Parents' Guide to


By Matt Berman, Common Sense Media Reviewer

age 9+

A moving, funny, lyrical tale with big appeal.

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A Lot or a Little?

What you will—and won't—find in this book.

Community Reviews

age 8+

Based on 3 parent reviews

age 9+

Brings back memories

Great book for kids. it gives kids an important message, not everyone is good at everything, but everyone is good at something.

This title has:

Educational value
Great messages
Great role models
age 9+


Zinkoff is a happy-go-lucky kid. He is kind and thoughtful. He loves his family and admires his father's profession as a mailman. It's hard not to fall in love with Donald Zinkoff.

This title has:

Great messages
Great role models

Is It Any Good?

Our review:
Parents say (3):
Kids say (29):

Few writers could pull this off -- a book with no villains, no heroes, and little real conflict, which is basically a child development text turned into a novel. Yet it's moving, funny, lyrical, and has powerful appeal for both children and adults. Jerry Spinelli gives his readers a careful, at times humorous, portrait of a kid who is only special to his family, and scatters penetrating insights into growing up along the way. Zinkoff's (no one calls him Donald except his teachers) mistakes and quirks are endearing, since we're seeing them from the inside. And his one real talent, a sunny disposition, keeps his life from seeming cruel when he's not picked for teams, when he's ridiculed and taunted, when he, in short, loses, again and again.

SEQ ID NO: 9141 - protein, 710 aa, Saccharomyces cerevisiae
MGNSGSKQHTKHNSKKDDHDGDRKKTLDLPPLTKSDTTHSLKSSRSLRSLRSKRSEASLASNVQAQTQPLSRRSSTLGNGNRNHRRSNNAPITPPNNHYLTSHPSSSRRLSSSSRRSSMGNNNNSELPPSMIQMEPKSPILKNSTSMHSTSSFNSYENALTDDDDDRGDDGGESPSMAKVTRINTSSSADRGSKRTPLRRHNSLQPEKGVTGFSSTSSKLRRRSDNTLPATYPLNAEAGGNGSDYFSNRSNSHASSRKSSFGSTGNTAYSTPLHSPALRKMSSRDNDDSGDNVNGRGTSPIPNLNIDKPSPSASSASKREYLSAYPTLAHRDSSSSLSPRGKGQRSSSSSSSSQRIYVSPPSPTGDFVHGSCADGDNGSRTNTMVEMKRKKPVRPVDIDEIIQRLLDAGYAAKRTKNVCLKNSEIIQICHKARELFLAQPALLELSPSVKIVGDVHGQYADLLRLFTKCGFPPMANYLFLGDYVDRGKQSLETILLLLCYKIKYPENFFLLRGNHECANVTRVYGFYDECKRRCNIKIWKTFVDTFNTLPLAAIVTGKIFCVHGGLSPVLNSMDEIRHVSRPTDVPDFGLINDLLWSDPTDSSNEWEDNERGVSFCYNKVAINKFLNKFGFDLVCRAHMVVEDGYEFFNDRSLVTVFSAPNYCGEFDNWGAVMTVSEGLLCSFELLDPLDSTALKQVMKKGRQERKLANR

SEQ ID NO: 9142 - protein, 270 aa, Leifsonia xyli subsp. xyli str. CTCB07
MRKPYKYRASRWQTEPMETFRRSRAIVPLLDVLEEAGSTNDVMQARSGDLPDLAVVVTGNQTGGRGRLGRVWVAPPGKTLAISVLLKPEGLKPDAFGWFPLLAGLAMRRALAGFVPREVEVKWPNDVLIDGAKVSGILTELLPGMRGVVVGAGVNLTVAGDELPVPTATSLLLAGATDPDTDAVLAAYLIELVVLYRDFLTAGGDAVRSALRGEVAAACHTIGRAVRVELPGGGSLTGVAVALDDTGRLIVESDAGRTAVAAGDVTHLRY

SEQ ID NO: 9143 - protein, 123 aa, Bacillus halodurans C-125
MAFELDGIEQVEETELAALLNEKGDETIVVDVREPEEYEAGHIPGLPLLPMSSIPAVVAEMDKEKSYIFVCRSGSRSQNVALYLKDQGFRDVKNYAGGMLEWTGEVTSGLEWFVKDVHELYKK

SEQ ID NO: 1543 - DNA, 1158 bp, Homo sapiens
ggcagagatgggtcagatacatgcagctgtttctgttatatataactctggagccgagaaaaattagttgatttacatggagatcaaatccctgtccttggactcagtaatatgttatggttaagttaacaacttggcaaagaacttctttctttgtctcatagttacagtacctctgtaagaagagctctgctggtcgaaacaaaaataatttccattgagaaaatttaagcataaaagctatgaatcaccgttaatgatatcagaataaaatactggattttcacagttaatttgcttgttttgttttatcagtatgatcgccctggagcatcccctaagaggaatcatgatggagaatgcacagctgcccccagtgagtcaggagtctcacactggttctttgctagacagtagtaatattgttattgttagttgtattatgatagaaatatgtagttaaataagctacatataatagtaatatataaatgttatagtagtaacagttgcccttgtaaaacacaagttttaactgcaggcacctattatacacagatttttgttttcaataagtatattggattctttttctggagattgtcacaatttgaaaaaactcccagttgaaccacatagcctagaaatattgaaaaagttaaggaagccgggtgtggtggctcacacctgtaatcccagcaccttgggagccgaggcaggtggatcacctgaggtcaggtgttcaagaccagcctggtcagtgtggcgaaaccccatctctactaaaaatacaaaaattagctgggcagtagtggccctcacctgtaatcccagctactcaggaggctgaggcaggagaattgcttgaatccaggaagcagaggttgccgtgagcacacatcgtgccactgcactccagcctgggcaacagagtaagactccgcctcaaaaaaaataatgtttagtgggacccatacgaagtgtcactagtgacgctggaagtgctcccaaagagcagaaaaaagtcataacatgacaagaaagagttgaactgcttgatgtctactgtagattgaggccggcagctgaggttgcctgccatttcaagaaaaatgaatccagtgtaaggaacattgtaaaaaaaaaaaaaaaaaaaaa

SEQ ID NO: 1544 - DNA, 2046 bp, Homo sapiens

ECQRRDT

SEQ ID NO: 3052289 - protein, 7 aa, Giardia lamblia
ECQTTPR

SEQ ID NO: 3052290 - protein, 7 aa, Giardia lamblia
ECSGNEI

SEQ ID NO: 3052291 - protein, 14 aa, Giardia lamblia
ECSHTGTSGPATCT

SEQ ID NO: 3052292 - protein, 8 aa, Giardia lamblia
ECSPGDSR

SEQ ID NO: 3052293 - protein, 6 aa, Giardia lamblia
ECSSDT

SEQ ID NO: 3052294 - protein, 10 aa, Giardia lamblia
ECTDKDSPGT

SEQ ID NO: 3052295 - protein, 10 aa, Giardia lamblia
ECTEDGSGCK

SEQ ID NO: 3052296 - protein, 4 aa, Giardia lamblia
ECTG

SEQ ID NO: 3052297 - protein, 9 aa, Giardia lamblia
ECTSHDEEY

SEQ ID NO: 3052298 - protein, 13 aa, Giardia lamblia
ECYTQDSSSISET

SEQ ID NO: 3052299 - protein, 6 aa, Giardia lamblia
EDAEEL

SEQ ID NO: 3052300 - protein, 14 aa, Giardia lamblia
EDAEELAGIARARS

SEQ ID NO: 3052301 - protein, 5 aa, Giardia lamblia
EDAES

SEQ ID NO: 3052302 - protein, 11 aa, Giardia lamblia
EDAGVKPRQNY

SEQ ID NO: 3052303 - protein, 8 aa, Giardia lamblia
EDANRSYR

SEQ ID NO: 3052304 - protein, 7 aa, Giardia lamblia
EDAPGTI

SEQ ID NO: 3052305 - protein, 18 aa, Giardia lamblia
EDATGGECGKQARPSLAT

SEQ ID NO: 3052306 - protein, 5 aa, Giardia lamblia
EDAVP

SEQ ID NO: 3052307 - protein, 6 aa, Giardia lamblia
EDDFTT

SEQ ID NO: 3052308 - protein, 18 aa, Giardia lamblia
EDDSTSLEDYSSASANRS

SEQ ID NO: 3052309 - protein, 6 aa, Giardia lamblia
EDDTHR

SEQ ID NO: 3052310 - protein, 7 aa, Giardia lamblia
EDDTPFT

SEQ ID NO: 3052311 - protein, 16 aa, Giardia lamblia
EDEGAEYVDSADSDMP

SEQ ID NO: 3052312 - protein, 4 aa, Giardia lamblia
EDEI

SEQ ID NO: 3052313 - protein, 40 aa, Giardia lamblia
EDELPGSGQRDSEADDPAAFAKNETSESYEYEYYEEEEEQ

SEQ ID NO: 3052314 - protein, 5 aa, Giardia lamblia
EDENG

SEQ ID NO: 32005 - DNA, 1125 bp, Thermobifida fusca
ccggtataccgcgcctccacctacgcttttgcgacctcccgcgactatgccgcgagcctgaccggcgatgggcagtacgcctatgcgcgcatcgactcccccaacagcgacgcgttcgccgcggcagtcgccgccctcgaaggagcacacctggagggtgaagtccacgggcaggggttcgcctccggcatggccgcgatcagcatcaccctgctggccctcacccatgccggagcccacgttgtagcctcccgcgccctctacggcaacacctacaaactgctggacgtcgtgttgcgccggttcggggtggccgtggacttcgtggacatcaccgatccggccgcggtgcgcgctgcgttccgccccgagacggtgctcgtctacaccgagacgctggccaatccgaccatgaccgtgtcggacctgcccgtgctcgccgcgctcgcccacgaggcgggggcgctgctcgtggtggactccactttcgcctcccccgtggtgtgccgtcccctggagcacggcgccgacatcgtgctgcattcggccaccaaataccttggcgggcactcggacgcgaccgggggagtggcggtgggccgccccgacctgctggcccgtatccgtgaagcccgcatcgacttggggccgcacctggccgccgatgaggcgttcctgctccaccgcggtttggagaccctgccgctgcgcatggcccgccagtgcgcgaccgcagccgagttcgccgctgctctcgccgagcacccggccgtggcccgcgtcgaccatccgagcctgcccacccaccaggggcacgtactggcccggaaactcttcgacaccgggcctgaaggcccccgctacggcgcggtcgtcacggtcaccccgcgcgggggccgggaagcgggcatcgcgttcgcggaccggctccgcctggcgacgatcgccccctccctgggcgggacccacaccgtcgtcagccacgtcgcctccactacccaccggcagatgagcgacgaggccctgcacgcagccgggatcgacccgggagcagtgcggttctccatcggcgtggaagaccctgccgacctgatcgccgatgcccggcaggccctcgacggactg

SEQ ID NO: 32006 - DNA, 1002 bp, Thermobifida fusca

This type of story, of course, has been done often before, though rarely with Spinelli's wit and craft. And we all know the formula -- eventually there will be some great dramatic event, the hero will have his moment to shine, and everyone will realize that he's not a loser at all. But that doesn't happen here. There's a moment when it might, but it's not something a Zinkoff, or a real child, can pull off. And therein lies Spinelli's unusual point -- not that losers are really winners, or I'm ok, you're ok, but that the measuring sticks we chose may not be the only ones there are. And Spinelli has the courage to stick to his point right to the end -- no losers or winners, no heroes or villains, no happy endings or sad ones, just children, and their confusing ability occasionally to connect.

Book Details

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